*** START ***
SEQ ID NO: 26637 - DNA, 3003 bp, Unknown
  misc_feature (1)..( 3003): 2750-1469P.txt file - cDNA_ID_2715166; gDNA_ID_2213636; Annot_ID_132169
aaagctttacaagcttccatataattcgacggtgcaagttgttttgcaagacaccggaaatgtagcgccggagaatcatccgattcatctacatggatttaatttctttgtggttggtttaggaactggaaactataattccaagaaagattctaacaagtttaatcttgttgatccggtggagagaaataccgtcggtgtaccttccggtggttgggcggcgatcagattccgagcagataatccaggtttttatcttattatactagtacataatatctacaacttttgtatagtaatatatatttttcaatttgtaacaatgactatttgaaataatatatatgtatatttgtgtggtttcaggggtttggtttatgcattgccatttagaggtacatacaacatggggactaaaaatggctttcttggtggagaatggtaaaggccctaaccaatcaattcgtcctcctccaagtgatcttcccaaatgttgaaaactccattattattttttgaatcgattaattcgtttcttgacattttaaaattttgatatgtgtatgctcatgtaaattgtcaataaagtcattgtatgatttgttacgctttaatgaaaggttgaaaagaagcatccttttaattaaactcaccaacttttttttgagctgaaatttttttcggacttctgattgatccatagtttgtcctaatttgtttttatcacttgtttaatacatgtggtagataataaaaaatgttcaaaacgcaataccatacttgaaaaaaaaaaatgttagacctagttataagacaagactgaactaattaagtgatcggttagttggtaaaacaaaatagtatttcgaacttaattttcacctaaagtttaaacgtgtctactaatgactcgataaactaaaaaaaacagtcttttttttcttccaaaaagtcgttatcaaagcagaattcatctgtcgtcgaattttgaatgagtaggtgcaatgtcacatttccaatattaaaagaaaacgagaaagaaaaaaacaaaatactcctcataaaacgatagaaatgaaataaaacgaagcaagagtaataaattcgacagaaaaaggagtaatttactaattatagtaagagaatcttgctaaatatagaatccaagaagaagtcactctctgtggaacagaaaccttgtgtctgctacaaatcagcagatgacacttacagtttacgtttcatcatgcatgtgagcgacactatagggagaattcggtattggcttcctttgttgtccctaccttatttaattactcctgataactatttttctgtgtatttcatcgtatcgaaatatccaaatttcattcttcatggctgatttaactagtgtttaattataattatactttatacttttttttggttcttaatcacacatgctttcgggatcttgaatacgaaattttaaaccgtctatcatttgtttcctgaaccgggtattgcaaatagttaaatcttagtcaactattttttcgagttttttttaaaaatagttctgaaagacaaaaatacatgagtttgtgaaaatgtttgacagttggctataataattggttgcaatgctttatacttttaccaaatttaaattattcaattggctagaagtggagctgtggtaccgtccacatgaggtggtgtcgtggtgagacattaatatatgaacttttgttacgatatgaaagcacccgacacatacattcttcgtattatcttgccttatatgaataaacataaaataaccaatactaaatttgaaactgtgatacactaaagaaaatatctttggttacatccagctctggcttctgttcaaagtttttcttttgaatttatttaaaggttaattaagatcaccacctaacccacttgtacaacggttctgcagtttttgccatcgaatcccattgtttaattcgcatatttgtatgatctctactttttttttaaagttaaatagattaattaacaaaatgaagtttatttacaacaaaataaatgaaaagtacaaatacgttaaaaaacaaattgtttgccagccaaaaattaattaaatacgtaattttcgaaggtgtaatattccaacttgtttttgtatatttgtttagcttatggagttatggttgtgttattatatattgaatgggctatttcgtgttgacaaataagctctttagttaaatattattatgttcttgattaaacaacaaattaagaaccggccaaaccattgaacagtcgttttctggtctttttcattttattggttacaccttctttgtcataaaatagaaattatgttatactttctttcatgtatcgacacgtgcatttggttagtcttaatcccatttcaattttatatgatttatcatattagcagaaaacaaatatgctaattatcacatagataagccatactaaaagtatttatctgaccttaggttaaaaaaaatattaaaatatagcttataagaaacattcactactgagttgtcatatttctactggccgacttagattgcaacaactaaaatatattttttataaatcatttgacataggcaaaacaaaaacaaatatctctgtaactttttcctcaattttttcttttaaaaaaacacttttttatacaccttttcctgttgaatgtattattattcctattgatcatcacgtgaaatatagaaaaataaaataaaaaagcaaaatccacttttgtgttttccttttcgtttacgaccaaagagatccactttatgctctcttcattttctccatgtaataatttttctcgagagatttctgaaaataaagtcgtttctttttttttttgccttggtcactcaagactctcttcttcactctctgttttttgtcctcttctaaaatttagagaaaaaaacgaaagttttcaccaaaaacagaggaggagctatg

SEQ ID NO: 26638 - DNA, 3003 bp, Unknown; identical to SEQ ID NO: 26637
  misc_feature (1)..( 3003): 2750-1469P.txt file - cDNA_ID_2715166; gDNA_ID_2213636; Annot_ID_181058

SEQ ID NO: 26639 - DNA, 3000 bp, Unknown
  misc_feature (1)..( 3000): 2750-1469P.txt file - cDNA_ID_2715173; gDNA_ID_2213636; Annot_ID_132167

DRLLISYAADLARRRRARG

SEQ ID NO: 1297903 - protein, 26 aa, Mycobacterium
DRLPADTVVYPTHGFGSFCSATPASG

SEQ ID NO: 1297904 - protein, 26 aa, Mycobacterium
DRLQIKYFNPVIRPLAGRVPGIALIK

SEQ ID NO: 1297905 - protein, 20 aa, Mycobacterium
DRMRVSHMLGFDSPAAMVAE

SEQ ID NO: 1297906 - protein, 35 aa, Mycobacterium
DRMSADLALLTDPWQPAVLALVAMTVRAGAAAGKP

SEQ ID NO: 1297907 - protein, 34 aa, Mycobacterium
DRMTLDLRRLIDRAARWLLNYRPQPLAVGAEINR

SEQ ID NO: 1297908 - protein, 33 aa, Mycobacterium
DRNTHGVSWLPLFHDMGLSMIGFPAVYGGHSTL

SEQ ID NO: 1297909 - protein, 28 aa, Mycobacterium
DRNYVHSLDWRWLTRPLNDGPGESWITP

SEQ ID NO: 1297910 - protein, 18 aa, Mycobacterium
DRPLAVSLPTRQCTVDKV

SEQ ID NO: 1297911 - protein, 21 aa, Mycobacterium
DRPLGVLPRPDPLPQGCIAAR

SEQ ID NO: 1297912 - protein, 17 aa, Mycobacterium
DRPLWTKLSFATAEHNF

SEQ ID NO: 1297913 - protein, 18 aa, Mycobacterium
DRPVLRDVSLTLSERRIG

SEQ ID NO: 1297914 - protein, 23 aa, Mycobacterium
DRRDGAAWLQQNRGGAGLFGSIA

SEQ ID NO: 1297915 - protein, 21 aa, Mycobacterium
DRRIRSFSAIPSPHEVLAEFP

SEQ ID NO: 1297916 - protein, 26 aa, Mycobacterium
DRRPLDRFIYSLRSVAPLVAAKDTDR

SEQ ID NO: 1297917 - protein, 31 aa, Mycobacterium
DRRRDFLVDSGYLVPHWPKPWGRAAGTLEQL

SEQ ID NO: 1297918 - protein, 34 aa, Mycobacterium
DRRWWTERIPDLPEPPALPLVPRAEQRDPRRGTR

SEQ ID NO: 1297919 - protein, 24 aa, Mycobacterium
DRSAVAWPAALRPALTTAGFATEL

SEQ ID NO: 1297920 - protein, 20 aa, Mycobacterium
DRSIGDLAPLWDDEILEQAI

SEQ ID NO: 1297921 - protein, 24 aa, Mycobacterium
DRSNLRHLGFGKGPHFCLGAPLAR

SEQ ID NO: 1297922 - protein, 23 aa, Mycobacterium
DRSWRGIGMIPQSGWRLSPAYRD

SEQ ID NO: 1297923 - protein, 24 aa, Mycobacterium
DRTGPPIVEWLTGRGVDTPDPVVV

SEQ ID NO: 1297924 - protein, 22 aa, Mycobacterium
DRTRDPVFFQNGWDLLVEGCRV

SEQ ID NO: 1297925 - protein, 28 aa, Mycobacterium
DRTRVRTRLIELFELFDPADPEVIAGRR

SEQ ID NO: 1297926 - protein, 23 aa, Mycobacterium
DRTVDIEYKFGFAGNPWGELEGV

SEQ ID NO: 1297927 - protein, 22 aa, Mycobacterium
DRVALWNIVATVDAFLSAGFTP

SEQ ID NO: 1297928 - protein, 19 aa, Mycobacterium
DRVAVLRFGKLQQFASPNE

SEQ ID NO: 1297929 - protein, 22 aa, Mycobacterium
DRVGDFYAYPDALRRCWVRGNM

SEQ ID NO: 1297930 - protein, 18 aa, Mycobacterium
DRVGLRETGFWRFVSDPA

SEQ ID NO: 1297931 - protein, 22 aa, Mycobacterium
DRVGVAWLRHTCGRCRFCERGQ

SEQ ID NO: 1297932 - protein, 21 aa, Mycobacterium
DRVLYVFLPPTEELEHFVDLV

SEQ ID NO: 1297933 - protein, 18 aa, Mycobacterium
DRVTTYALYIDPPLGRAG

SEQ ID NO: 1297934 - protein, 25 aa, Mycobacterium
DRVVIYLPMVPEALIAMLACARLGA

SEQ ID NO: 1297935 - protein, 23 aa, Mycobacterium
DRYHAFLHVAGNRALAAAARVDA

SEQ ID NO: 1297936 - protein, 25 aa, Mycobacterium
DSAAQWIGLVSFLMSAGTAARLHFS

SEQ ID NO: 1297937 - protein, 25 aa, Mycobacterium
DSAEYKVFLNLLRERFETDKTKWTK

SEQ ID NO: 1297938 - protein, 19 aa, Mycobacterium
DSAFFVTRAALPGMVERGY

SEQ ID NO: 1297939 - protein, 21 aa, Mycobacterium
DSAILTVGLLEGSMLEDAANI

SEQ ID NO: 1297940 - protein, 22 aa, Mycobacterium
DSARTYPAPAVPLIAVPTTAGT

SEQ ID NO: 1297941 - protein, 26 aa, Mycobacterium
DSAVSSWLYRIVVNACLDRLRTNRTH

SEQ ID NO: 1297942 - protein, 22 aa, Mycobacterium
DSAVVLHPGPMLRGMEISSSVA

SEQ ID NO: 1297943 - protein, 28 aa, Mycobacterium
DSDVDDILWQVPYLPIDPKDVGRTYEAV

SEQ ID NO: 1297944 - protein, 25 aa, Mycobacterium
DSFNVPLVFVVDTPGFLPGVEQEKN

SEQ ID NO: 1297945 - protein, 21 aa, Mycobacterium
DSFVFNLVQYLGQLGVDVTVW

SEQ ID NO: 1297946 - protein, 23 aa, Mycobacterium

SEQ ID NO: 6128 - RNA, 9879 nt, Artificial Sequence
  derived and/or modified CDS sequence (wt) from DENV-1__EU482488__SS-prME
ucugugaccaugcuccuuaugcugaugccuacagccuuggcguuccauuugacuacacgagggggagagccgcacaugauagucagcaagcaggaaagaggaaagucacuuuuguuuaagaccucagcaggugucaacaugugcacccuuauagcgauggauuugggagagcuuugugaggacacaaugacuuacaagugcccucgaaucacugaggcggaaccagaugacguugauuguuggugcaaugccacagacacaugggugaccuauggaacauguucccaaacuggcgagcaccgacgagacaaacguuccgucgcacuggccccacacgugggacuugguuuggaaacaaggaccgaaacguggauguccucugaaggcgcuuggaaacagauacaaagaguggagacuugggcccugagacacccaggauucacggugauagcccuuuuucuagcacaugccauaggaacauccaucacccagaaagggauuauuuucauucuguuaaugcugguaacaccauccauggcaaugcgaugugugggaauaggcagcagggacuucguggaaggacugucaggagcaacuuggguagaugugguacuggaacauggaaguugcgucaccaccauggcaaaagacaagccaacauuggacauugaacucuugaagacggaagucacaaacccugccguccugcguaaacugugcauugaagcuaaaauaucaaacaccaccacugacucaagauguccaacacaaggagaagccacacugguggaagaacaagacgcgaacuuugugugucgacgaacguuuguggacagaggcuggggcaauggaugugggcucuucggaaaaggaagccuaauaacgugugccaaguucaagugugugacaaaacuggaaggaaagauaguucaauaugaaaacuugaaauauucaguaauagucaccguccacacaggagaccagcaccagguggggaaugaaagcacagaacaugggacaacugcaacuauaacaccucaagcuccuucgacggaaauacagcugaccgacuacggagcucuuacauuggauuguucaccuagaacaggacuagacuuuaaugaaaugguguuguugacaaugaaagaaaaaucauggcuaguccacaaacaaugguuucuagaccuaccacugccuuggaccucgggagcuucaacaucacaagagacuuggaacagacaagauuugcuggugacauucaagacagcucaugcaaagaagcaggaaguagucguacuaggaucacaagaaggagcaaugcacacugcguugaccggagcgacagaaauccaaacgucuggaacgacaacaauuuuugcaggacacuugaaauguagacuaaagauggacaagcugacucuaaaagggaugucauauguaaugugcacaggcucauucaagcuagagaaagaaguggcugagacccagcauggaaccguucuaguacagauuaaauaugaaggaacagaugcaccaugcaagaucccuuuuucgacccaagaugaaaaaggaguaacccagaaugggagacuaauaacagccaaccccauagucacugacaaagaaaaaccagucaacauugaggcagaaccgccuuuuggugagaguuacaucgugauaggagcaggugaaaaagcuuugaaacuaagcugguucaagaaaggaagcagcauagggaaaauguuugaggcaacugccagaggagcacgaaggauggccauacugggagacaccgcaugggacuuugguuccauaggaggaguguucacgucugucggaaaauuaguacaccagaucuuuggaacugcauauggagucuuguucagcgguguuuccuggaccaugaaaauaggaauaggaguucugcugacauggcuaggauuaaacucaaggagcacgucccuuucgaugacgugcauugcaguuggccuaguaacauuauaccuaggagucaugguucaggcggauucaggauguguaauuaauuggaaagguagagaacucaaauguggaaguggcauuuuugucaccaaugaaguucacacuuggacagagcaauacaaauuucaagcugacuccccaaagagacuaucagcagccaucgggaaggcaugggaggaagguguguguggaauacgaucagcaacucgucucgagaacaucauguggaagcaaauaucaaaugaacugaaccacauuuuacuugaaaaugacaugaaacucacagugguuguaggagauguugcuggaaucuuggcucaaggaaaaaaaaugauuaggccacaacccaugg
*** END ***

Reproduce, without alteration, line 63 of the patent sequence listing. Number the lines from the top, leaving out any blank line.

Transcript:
SEQ ID NO: 1297930 - protein, 18 aa, Mycobacterium